Similar to St Marks place in New York or the Venice Boardwalk in Los Angeles, East London’s Brick Lane is a small stretch of road whose reputation is both its blessing and its curse. In the heart of Shoreditch, this once ‘gritty’ mile of curry houses and industrial brewery buildings was the YBA 90’s hang out. Now, twenty years and many Lonely Planet write-ups later, Brick Lane often feels like a playground for tourists in search of a one-stop shop for East London cool kid culture replete with overpriced vintage clothes, trendy pop-ups and a heavy rotation of street art.
Just south of Brick Lane you can find StolenSpace, an airy two-room gallery that specializes in urban art (namely street art and graffiti). The premise in itself is a conflicting one, the hot potato of the art world. On one hand, the idea of legitimizing a somewhat rogue practice and giving unorthodox artists a platform for representation is something that is not just commendable, but necessary, for the privatised art world. However, on the other hand, one is faced with the problematic nature of trying to commodify the un-commodifiable, and the inevitable dilemma of translation from site specificity to white box gallery.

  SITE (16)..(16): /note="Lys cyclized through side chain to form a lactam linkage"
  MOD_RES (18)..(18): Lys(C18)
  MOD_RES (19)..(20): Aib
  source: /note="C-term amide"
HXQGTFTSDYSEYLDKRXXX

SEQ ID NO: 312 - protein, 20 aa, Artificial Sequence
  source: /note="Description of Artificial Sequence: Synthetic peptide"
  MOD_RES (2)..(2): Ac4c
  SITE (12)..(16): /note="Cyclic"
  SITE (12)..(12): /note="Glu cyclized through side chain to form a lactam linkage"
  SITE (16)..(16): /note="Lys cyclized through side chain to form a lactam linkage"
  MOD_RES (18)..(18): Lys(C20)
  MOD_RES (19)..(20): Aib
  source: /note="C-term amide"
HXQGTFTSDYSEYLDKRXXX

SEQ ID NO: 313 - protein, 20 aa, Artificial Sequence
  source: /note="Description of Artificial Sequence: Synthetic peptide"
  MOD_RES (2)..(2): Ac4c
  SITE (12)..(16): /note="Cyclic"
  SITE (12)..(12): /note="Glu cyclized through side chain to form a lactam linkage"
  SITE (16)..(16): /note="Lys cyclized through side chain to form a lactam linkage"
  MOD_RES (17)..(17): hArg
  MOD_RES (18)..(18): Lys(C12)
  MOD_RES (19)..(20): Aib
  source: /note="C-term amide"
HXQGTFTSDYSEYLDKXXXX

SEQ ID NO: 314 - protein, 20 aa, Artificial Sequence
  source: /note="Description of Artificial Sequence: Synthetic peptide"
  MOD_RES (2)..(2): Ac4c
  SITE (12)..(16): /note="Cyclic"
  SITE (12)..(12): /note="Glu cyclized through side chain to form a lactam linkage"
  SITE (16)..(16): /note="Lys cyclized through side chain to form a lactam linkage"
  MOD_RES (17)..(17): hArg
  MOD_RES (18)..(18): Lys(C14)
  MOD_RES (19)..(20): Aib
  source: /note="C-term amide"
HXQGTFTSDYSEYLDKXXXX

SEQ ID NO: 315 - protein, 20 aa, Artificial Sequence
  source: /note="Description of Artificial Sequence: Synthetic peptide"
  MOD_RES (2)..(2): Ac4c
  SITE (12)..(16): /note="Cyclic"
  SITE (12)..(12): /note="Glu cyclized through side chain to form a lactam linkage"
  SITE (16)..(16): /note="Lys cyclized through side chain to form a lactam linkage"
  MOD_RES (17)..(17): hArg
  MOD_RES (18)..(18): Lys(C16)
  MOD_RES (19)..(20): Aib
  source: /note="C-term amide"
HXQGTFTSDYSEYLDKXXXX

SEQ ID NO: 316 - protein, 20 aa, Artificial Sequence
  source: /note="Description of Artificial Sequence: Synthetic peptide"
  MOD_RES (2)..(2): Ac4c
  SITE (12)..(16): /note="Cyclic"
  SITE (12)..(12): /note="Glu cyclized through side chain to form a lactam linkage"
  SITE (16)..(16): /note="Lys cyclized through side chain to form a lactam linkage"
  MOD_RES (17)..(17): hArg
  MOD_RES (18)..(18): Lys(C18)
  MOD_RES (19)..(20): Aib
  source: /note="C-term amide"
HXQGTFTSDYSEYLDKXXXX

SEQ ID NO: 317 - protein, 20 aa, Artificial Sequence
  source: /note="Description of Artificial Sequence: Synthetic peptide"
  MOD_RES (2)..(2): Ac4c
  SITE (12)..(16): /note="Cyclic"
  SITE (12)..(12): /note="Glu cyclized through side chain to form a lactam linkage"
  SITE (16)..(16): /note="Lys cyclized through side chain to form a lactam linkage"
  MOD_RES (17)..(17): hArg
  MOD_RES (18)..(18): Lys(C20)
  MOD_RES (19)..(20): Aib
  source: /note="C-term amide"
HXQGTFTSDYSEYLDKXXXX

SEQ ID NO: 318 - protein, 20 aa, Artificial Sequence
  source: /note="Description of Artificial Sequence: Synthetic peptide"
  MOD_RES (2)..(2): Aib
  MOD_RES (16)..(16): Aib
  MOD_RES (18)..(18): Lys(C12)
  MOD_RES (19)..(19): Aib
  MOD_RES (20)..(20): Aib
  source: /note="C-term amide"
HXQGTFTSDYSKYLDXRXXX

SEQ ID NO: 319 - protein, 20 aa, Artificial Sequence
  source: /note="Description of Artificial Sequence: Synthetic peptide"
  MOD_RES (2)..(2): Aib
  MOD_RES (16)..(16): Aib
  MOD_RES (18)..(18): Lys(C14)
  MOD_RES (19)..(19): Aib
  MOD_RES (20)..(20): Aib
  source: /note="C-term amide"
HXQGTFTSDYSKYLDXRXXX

At the heart of this paradox is Australian street artist Rone. A talented painter, Rone’s modus operandi is his slightly stylized and closely cropped female faces in mammoth proportions that can be found on urban facades around the world. He juxtaposes sharp graphic features with effortless washes of paint to produce images that are both etherial and striking. His first UK solo show Wallflowers is currently on view at StolenSpace.
Rone’s muses are cinematic; their eyes are deeply expressive, their scale is commanding and their beauty is undeniable. On the street, each femme fatale has an agency of sorts amongst the buzzing street culture that surrounds her. Moreover, the friction between beauty and decay, which is paramount for the artist, is readily apparent as the images bind to their textured architecture and their pristine beauty is subject to the natural elements.
However, for Wallflowers, the artist has chosen to work on a decidedly smaller scale. Producing his muse Tereasa Oman’s face on paper and wood from reclaimed shipping crates, the artist uses stencil, brushes, spray paint, and collage in an attempt to reproduce the finish of rough, urban exteriors.
Over a dozen paintings occupy the back room of StolenSpace, given a corresponding flower title: Blossom, Bells, Lilly, Poison Ivy, Rose Thorn. The name game of anthropomorphized flowers corresponding to female characteristics is cute at best, and slightly sexist at worst. When brought inside, the original oomph of Rone’s muses have been compromised. Their modest size, serial presentation and pseudo-patina read like a flat-lined recreation of the work that made him famous. On the street Rone is able to create an actress, whilst Wallflowers simply reads as models—they are, unfortunately, silent, decorative, and a bit boring.
(All images: Rone; Courtesy of the artist and StolenSpace Gallery)